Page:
The mountain was formerly known as Saddleback, due to its shape. There are two trails to the top. One, maintained by New York State DEC, begins at the Jackrabbit Ski Trail, that runs between Saranac Lake and Lake Placid. The other, maintained by the Lake Placid Shore Owner's Association, dates to 1896; it leads from the Lake Shore Path to the summit. Views from the top are extensive, from Whiteface Mountain to the north, with Lake Placid at its feet, to Gothics, Mount Marcy and the Great Range, and the Seward Mountains to the south. A ledge to the west of the trail offers views of the village of Saranac Lake and the Saranac Lakes spread out beyond, Moose Pond, Azure Mountain, Saint Regis Mountain and Debar Mountain to the north.
Adirondack Daily Enterprise, December 22, 1956
40 Degrees Colder: Two Feet Of Snow On Mt. McKenzie
While the skiers in the East hoped for a fall of snow for a white Christmas five hardy climbers yesterday went to the summit of McKenzie Mountain from the Lake Placid side to find plenty of skiable snow.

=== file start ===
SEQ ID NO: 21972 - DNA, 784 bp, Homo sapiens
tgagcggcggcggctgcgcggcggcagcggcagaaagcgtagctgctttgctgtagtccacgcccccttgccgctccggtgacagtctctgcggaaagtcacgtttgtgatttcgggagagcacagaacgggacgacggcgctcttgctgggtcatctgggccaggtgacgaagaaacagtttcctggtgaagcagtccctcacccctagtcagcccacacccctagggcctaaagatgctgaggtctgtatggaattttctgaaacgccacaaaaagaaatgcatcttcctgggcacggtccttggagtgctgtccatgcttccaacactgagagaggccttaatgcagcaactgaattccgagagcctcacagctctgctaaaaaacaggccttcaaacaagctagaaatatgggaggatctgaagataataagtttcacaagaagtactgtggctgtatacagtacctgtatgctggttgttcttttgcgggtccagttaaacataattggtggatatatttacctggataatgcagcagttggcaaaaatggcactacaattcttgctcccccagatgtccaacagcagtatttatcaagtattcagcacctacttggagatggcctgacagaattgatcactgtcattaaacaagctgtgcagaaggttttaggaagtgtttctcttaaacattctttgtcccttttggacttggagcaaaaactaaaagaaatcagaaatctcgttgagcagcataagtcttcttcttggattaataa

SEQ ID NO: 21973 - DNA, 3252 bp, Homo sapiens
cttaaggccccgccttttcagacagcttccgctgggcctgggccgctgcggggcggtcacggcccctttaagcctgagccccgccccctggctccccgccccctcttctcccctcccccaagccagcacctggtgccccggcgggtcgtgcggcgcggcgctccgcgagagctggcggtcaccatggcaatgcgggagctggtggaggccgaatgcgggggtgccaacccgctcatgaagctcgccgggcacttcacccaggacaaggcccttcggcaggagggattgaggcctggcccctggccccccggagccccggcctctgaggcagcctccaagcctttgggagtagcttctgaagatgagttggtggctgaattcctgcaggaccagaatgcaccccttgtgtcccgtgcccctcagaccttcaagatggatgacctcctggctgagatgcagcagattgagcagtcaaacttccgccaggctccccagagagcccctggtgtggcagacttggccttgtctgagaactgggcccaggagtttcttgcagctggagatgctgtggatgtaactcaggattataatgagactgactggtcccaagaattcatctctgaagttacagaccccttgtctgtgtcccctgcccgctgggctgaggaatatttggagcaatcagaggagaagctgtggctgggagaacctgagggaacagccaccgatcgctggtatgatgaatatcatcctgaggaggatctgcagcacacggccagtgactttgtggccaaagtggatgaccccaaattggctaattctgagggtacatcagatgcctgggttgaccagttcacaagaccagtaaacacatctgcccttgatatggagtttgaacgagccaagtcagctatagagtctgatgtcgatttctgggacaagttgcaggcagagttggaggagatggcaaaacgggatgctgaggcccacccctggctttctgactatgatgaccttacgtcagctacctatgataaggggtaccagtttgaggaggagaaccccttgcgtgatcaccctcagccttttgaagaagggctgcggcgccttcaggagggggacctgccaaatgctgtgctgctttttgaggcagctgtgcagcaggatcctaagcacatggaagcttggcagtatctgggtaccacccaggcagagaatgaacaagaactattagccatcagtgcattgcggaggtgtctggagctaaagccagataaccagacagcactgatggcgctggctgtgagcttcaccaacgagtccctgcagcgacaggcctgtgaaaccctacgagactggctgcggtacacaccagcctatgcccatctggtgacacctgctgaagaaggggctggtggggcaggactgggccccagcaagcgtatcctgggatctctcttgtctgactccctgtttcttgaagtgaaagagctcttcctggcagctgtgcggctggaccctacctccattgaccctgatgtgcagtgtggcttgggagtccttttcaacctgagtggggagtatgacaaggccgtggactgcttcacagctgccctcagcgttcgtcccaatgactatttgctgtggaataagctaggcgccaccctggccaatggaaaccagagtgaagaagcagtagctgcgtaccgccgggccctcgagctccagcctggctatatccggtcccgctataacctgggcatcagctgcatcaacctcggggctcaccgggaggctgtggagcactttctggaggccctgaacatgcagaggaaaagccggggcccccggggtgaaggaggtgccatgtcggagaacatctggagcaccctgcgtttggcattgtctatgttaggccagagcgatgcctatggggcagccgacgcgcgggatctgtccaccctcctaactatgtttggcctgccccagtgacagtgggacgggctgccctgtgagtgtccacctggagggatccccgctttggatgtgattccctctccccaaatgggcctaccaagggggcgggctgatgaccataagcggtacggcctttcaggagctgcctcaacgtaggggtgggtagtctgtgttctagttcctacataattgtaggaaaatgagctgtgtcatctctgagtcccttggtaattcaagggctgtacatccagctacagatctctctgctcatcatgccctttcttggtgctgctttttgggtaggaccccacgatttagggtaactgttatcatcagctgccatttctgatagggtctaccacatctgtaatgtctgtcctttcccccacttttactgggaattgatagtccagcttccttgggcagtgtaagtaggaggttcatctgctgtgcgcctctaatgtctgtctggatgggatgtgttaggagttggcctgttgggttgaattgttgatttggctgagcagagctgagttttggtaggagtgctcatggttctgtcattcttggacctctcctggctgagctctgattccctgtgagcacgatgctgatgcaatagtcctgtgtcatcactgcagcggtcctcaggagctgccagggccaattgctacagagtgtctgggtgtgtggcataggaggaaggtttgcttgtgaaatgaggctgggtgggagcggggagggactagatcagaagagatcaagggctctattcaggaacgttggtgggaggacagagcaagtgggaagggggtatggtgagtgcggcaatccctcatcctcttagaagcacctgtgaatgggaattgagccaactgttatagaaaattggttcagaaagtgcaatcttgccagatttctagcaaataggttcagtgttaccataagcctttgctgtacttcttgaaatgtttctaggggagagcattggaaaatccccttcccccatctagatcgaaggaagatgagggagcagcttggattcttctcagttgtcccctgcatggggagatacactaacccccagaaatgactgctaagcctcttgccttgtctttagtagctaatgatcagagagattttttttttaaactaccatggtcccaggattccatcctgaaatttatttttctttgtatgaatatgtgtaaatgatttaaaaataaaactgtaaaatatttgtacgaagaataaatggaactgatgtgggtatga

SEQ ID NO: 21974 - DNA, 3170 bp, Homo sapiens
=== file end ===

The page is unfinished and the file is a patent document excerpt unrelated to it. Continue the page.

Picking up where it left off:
The five skiers took pictures of the two-foot accumulation on the state-owned peak which has been recommended to the Joint Legislative Committee on Winter Tourist Facilities as the most suitable site for a major ski development. No skiing was the report from most ski centers, but under the shadow of McKenzie, near the shores of Lake Placid, ski classes were being conducted on golf course slopes with two inches snow. Some 2000 feet higher on the North Peak of the McKenzie Range, this historic Adirondack snow fence held a total of 25 inches of snow since receiving its first coat of white last September 21. The temperature was 27 degrees at the peak, and nearly 70 degrees at the same time in Berkeley Square.
Led by James Bombard, of Saranac Lake, the climbers were: William Donnelly, Tom Donnelly, Douglas Poole, and Duncan Richardson, all of the Saranac Lake Ski Club. The readings and pictures will be submitted to the Legislators and further findings made during the winter when lack of snow curtails the ski sport at lower altitudes.
Supporters of extended ski facilities in New York State contend that the basic commodity for the sport is snow; also, that lift facilities belong where the best snowfall is found. Recorded figures since 1934 seem to indicate McKenzie Mountain as such a place.